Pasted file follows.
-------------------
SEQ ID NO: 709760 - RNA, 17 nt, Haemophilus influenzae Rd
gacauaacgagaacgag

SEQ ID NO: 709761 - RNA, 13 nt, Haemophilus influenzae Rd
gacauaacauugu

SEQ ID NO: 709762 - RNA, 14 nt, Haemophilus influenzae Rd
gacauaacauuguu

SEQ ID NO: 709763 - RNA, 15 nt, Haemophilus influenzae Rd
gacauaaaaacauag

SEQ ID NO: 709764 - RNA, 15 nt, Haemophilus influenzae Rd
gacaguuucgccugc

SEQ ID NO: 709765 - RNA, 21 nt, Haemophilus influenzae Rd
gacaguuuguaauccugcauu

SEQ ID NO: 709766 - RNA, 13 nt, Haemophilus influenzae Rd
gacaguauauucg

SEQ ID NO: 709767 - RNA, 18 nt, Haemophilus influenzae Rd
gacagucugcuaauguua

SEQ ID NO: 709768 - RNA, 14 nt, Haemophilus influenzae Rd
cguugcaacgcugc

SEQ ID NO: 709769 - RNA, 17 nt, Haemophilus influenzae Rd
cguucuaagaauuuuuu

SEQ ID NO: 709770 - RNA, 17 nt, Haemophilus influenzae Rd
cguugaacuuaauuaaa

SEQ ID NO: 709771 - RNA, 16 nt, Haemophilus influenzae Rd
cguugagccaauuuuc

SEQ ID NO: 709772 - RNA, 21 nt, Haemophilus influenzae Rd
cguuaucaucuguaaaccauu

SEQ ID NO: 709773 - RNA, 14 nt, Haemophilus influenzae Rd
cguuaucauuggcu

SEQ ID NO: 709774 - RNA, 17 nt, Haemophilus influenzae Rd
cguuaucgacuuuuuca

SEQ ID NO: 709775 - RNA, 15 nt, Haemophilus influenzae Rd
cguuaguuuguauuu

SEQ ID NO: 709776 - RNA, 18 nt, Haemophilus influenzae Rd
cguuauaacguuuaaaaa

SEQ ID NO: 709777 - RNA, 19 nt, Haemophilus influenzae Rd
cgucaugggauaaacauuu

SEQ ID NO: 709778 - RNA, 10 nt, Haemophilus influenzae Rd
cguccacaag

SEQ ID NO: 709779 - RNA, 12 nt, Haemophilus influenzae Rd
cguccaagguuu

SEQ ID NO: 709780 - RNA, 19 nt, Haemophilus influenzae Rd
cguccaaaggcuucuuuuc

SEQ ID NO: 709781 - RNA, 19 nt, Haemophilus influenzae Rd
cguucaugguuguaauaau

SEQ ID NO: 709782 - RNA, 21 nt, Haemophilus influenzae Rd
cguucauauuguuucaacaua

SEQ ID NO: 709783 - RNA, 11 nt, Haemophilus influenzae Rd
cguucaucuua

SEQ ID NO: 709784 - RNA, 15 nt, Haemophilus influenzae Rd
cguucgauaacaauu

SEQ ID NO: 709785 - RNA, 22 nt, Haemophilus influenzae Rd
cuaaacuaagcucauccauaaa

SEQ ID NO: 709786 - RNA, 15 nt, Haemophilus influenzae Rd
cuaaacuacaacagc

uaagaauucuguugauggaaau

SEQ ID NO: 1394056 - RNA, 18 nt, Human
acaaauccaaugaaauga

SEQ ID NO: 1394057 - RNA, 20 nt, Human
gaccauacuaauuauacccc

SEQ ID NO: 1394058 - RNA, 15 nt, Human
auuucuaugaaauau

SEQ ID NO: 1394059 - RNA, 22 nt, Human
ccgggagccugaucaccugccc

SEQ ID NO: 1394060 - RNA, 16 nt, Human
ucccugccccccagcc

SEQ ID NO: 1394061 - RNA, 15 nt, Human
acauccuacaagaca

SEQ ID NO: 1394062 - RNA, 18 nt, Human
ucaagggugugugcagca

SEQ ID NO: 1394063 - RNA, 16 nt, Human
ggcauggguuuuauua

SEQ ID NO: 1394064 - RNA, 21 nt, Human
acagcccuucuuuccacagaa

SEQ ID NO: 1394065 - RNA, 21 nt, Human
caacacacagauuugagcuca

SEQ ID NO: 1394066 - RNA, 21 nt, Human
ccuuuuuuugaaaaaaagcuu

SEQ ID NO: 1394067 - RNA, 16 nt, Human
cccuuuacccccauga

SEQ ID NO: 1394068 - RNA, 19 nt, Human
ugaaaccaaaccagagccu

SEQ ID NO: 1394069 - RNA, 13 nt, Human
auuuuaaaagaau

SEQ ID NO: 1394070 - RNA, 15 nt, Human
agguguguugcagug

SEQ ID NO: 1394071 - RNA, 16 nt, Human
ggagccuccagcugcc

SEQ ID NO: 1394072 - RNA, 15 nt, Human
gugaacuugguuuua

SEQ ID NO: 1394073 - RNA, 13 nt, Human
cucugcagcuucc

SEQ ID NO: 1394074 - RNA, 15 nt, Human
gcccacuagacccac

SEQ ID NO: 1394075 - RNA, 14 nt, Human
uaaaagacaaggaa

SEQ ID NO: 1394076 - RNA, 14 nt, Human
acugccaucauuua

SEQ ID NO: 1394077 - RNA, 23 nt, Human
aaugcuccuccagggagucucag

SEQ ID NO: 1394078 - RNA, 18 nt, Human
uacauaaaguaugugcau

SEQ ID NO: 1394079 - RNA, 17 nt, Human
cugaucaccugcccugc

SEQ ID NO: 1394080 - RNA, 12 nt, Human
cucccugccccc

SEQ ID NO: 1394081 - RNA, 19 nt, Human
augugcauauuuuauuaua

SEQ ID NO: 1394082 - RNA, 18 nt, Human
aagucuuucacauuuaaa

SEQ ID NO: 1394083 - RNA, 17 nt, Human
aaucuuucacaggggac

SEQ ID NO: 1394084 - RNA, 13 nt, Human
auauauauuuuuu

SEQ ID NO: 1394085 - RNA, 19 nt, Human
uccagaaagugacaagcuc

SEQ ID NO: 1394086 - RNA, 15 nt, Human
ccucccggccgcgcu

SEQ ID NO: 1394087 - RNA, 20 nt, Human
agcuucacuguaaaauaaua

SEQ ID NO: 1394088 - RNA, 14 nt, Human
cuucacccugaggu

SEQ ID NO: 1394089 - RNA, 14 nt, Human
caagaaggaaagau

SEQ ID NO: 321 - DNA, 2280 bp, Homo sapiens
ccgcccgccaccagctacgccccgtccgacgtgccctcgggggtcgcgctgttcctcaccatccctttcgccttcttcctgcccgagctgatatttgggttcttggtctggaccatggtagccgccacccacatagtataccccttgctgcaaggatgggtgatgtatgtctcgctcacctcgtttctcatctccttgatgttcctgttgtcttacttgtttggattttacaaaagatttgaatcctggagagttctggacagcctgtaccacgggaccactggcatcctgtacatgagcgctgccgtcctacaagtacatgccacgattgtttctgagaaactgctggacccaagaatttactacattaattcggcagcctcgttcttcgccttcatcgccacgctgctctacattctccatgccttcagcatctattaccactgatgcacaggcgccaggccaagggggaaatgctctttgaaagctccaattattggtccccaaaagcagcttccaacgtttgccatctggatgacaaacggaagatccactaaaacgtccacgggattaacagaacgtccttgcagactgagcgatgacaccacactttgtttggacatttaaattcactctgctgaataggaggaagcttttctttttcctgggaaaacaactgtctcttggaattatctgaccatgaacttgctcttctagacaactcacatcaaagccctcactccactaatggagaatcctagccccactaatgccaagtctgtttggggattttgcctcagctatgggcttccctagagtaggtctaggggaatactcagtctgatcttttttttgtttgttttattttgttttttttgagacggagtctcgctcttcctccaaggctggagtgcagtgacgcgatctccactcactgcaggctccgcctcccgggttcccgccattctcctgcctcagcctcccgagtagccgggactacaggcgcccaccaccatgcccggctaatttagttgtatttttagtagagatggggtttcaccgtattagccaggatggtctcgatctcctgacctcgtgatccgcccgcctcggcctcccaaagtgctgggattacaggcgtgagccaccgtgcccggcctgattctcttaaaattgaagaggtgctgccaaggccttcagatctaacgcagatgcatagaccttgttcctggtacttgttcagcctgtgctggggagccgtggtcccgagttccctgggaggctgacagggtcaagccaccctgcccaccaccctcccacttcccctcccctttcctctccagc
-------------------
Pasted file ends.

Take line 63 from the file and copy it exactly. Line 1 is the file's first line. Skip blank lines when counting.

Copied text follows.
ccgggagccugaucaccugccc